Tenant demands that she is present during all repairs

26 Replies

Hi Everyone,

I have a tenant who is becoming a royal pain in my neck. She does not allow anyone to enter the premises for purposes of making repairs or inspections (required city inspections that is) unless she or her husband are home. Our lease explicitly states that we have the right to enter with notice. I am based in Michigan where there is no specific requirement for how long in advance you need to provide notice. We have tried so hard to accommodate her and often reschedule visits numerous times.

We have had it. We gave them written notice that effective immediately we can no longer accommodate rescheduling requests. We will be providing 24 hours notice and will enter the property after that during regular business hours regardless of who is home. No minor children at the house. If they want to be present, we don't care. Take the day off and stay home.

There are other issues with this tenant as well. For example, she is mandating that we provide brand new AC and furnace units because the current ones are "on their last leg" and all we do is put band aids. In a written letter I also explained that as long as we restore them to operational condition, whether we repaired them or replaced them should be irrelevant to her. I do understand my obligation to repair any issues, but she shouldn't be the one to tell me what upgrades I need to make to the house. If the unit dies and I cannot repair it, I will replace it. Until then, band aids or not - not her problem as long as it works.

She doesn't agree with my letter and wants to talk (argue) about it. Can she legally tell me that I can't go in after I give her notice? If she continues to argue about this, can I tell her that I can evict her based on breach of contract? This is after all a clause in my lease which she signed.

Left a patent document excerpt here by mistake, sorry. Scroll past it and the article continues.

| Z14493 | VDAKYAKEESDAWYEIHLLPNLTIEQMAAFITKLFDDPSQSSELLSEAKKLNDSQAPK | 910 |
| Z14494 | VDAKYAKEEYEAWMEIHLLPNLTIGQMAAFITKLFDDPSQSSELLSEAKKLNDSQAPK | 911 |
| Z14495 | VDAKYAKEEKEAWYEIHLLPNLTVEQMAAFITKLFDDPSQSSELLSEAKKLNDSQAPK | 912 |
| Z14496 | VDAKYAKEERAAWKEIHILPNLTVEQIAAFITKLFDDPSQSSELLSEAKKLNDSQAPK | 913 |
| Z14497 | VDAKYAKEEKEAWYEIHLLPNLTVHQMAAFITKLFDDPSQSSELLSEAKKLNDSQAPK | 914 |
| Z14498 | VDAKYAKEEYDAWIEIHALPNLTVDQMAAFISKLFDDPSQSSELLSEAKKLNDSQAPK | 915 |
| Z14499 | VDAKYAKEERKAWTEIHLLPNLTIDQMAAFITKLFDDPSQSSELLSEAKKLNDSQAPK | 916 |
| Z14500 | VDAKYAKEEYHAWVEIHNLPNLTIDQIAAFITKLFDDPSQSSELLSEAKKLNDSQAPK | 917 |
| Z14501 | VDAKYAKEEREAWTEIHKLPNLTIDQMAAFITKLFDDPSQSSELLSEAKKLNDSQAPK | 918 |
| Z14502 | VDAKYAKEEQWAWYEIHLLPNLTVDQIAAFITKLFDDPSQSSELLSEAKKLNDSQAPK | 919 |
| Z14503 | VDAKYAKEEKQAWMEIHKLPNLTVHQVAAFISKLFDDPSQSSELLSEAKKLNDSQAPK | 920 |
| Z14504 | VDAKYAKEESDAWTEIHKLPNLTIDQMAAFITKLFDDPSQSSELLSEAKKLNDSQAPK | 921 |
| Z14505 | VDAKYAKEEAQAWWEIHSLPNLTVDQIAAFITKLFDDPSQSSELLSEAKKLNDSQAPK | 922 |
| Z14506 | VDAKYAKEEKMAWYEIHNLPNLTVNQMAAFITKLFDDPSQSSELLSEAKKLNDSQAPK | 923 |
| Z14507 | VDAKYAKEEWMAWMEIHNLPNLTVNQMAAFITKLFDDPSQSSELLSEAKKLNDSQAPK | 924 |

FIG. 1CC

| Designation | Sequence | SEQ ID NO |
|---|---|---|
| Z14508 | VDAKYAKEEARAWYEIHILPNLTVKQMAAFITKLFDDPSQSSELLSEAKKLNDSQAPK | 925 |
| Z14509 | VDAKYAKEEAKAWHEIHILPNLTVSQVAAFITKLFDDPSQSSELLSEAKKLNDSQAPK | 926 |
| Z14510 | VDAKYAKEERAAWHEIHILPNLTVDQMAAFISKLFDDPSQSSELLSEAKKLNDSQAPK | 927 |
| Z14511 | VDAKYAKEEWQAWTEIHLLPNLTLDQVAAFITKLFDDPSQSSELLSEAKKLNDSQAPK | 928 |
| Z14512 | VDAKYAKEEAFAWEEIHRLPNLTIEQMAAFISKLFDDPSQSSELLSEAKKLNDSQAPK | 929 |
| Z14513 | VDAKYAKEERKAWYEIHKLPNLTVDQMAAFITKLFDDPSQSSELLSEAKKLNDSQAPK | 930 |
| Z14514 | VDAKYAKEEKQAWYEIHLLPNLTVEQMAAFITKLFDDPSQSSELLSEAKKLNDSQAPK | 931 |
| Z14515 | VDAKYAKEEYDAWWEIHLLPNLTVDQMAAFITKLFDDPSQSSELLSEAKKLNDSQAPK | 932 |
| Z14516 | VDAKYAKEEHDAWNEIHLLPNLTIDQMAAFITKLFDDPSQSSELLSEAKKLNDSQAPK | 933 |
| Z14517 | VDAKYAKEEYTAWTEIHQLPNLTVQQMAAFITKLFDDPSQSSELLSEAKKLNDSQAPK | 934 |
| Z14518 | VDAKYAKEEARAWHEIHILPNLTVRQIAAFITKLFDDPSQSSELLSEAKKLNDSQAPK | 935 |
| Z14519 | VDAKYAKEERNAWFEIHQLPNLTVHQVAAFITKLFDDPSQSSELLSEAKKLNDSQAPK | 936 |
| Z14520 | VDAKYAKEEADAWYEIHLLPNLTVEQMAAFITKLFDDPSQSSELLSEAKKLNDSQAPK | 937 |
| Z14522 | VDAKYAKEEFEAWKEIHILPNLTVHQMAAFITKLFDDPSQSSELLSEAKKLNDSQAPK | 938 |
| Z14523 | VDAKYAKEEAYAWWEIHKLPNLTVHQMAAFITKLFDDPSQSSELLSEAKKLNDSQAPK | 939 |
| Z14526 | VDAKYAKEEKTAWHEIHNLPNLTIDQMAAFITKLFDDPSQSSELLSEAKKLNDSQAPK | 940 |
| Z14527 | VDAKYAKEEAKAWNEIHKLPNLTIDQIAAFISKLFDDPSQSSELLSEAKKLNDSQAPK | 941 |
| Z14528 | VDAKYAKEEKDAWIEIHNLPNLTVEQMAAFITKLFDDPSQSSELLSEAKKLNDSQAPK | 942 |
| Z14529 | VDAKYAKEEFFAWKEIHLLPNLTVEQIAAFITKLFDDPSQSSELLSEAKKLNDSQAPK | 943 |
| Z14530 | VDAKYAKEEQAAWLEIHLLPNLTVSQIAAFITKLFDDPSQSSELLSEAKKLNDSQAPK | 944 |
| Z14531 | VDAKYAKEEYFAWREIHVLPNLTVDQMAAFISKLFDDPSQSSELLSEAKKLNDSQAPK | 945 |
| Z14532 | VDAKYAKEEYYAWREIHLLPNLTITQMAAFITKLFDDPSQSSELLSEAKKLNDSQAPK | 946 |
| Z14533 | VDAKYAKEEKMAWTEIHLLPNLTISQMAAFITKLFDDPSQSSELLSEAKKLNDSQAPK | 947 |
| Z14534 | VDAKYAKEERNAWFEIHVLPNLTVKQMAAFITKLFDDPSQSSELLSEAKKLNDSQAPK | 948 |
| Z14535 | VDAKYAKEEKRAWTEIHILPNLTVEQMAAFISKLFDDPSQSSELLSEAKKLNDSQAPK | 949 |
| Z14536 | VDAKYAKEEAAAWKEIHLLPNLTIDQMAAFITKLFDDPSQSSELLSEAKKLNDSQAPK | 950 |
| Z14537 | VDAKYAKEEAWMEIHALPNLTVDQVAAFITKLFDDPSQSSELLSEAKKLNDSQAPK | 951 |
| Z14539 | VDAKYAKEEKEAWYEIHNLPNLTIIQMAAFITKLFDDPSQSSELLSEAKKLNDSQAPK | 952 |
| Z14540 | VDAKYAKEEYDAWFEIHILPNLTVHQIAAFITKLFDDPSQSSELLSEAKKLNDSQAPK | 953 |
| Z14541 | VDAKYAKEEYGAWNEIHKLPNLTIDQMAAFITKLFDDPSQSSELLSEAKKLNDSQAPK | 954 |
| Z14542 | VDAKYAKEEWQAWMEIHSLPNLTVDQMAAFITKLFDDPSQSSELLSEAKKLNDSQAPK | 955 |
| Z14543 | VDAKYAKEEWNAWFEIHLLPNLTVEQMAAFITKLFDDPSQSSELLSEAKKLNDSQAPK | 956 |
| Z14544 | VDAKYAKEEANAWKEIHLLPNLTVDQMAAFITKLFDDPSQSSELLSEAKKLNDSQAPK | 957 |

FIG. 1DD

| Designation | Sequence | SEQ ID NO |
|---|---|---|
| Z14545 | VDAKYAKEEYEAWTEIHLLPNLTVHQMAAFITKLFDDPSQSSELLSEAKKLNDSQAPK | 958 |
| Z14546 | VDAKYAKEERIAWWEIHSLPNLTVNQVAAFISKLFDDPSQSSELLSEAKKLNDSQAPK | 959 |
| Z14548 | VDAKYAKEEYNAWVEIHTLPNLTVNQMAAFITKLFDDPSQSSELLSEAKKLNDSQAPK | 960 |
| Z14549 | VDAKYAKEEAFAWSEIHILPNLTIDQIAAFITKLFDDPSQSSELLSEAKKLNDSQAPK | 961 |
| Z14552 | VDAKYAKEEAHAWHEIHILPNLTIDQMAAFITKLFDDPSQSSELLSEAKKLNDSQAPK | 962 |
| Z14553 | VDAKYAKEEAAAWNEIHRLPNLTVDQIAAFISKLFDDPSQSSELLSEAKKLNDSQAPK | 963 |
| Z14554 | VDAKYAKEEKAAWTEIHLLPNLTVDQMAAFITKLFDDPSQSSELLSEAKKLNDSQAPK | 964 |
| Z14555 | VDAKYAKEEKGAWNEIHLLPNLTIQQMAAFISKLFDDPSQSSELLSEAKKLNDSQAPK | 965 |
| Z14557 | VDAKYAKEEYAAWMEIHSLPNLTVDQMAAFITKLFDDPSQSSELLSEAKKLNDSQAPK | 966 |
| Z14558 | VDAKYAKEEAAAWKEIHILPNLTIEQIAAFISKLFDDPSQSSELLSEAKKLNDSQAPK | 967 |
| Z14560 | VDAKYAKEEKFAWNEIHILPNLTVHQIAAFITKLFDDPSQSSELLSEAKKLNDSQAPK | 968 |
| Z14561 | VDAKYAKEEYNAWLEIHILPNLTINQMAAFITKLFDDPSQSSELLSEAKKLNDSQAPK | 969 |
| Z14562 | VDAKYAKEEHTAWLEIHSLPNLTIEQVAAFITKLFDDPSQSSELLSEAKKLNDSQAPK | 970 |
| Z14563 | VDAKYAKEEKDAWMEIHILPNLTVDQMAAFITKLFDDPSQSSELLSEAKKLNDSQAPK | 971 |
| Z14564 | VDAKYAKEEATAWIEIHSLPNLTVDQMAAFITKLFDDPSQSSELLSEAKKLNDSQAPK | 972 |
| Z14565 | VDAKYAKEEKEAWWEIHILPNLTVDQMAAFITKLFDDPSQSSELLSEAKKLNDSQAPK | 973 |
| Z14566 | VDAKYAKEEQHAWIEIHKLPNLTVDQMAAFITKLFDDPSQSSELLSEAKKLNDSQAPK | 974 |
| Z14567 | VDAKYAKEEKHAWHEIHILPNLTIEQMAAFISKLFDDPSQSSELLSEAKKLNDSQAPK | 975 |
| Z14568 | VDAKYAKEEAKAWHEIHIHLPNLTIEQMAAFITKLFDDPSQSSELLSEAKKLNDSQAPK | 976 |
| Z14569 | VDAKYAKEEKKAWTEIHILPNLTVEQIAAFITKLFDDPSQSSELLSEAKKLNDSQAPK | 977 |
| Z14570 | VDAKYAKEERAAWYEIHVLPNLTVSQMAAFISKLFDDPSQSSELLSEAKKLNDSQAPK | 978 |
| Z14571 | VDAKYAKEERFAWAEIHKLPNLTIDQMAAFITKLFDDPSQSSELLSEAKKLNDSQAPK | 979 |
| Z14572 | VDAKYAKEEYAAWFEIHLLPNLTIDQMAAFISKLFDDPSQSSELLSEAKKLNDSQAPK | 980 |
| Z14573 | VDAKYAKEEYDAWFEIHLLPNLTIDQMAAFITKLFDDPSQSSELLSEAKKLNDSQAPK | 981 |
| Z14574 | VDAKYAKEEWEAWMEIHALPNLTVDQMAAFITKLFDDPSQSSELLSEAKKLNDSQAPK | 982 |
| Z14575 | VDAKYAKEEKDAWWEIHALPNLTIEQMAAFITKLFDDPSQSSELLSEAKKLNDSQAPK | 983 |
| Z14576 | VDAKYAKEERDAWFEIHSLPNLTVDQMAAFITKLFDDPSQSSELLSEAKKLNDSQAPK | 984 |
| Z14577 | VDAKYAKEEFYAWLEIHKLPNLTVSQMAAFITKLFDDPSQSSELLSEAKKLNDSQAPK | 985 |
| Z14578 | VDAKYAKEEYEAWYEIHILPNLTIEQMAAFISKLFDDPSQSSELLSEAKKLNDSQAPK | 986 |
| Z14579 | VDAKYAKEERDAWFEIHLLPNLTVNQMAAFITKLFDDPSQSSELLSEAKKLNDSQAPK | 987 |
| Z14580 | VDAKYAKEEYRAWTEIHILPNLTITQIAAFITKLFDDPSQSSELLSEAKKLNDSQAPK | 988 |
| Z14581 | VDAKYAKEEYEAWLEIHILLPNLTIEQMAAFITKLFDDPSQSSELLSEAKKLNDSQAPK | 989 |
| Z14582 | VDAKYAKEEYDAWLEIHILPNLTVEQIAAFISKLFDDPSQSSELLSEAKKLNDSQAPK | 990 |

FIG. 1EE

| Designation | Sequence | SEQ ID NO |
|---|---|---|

Sounds like tenant mismanagement. She is clearly in control of the situation and has you on your heels. I've been in your shoes in the past and what seems like the best approach is to accommodate the tenant and keep that rent coming in. In hindsight, if I were in that situation again today I would simply tell the tenant that I have XYZ scheduled for whatever time and that I will be present to let the contractor in or inspect or whatever it is. If there is pushback I would immediately turn towards terminating the lease and moving the tenant along in whatever manner causes you the least pain (cash for keys might be best).

In landlording, headaches today almost always equal much bigger headaches tomorrow.

@Vicki K.

Welcome to BP. I hope we can find some helpful advice for you.

Check with all statues about the tenant notice time period. Ones that I have run into (not all pertain to everyone):

Neighborhood Association
District (means different things in different states)

One of those entities may have a specific time period that is relevant to your property.

In general 48 hours of notice is good enough for everything I have ever seen. I second the opinion above, just schedule and let the tenant decide if they want to be home.

The tenant has no standing on the repairs. You have a contract to provide certain things (heat, shelter, etc) and so long as you are doing so without causing undo harm to the tenant, you are doing your job.

I also echo the "get rid of this tenant" advice. I hope the lease term is up shortly.

Let's say you enter when no one is home and something come up missing your insurance will be on the hook. Be a good landlord and work with the tenant.

Joe Gore

If your lease states that you can enter the unit after reasonable notice has been given then you can legally enter. I think the minimum time for "reasonable" is 24 hours. Your tenant cannot deny you entry just because they are not present. Regarding the AC unit, unless it is poses a danger to use then they cannot require you to replace it. Remind them that they leased the property with the old AC unit, not contingent on an new one.

Take a look at these websites for clarification on "reasonable"...good luck.



Jon, thanks for the links. I read what is on there and now I am more confused.

"What is "reasonable notice" before entering?

You should set standards for your landlord to follow. Write your landlord a letter making clear your expectations. You might demand one to three days written or verbal advance notice for permission to enter. The landlord's request should state who is entering, at what time, and for what reason. You have the right to be present whenever someone enters and the right to refuse entry. If it is not an emergency, and your landlord enters without permission or notice, she or he is trespassing.